Tom DeMarco on “The Collaborative Design Imperative”

[2011-02-01] dev, software engineering
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Tom DeMarco has written some great books (“Peopleware” is one of my “Eight important books for software developers”). Thus, I was excited to have the opportunity to hear him speak. The following is a summary of a talk Tom DeMarco gave at the OOP Conference in Munich, on Jan 26, 2011. Comments in square brackets are mine.
What is a system?
  • Examples of systems: the digestive system, the health care system, the global weather system, political systems, Linux, etc.
  • A system is a complex interconnected set of components that act together to achieve some end. [It is arguable how much nature is driven by an end.]
  • In software development, two things qualify as systems:
    • the software product that your team is building
    • the project that builds it
Why are [software] systems so hard to understand [and build]?
  • Code as a set of messages from the project to the computer.
  • Every bit that is in any of these messages has to have been inside a human brain at one time or another.
How much capacity does a brain have?
  • Early estimation by von Neumann: 1020
  • Later approach to estimation: How much data gets into the brain? Answer: Eye bandwidth (other channels are negligible) is about 10 Mbit/s, but we store much less.
    • This amounts to a brain capacity of about 1GB.
  • Thus, we need to collaborate on large projects, to combine brain capacities.
Natural systems versus technical systems:
  • Natural systems: big pieces, tightly integrated [“big” as in “complex”]. For example, the human nervous system or hormonal system. We can never really understand natural systems like the two aforementioned ones, because they are too complex and too tightly integrated.
  • Successful technical systems: small pieces, loosely integrated.
Designing a system: There are two kinds of design involved.
  • Conceptual Design: How a proposed system fits into, interacts with, and alters the reality that surrounds it.
    • Team size: Fred Brooks (DeMarco: “my hero”) has a new book out: “The Design of Design”. In it, he writes that the optimal team size for doing conceptual design is one, at most two (if one of the two is dominant).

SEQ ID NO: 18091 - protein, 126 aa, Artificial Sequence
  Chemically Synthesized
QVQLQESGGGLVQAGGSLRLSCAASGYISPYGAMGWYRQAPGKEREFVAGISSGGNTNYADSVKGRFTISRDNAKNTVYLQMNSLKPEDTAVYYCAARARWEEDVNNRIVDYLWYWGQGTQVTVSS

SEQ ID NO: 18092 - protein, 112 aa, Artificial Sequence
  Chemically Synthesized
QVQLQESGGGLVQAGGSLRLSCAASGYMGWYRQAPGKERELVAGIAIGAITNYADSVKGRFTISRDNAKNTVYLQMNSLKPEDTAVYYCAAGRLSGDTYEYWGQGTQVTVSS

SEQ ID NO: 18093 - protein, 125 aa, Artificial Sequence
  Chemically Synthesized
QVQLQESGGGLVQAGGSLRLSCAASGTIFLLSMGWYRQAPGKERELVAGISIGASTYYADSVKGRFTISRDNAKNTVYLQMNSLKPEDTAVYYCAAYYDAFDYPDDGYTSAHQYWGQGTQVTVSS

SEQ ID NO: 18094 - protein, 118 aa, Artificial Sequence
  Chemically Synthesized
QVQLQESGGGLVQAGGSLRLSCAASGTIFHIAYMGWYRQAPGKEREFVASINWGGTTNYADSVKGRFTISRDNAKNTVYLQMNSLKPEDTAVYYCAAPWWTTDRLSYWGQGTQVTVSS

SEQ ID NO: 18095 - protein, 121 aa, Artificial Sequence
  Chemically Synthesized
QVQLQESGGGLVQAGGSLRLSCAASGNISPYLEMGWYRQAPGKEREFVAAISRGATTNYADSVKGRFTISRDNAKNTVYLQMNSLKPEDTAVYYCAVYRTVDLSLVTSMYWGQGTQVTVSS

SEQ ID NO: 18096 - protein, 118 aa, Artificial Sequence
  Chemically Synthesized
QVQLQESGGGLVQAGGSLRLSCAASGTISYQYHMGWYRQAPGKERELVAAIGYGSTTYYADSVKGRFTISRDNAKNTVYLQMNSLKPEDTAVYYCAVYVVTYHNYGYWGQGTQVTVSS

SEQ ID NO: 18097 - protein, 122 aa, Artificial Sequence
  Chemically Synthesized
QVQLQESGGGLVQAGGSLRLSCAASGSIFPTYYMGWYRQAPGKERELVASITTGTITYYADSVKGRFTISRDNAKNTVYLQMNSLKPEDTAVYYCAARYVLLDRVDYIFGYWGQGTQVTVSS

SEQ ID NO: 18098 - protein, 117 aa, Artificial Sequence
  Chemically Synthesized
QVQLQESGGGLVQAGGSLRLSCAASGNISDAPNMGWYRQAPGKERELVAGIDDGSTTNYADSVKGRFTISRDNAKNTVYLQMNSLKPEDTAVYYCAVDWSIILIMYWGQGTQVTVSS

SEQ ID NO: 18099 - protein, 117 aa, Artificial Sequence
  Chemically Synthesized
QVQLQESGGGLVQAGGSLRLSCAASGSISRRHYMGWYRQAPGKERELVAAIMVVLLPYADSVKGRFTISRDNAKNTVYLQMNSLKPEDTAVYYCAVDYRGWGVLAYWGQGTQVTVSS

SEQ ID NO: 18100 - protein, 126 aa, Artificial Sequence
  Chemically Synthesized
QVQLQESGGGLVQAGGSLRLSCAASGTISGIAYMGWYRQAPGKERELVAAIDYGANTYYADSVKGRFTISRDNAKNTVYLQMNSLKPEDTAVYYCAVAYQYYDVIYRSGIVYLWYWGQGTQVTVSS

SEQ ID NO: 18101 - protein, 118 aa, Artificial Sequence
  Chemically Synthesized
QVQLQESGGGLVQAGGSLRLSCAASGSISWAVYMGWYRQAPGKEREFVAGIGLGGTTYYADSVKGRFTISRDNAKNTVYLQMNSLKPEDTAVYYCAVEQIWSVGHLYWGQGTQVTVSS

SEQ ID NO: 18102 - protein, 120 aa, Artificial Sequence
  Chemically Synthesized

• Internal Design: Derivation of an optimal piece structure to achieve the chosen conceptual design
    • Team size: Large teams are needed.
  • Due to their size, many software projects set new records regarding human collaboration. This is ironic, as you need to be a loner to become a programmer. That is, you must like to work on problems on your own. [This is how things get started, the whole presentation is about the need to work in teams to really be productive.]
“Trust is the bandwidth of communication” (Karl-Erik Sveiby). Meaning: If you don’t trust the source, you don’t receive information. As an example, DeMarco mentions spam where you completely ignore what is being said, as soon as you recognize it as such.
  • Traditional maxim: “Trust is given as trustworthiness is demonstrated”. DeMarco: “Tell that to your kids! But it is a lie.” Instead: Trust must go ahead of demonstrated trustworthiness. You give trust to gain trust. It is how you motivate team members. This goes beyond what is generally considered “professional”. Professional bandwidth is not enough to exchange trust, social interaction is needed. He cites the difficulty to establish trust with outsourced colleagues.
  • As an example, DeMarco says that he still remembers all six people in his life that ever gave him more trust than he had demonstrated to be worthy of [I’m guessing he is talking about bosses]. He says that he would follow them anywhere.
My observations:
  • I like the communication channel metaphor, it shows that it’s really hard to communicate our brains contents, because our interfaces are so limited.
  • Knowledge can be increased brain-internally, by deriving new facts from old ones. I wonder how much that matters.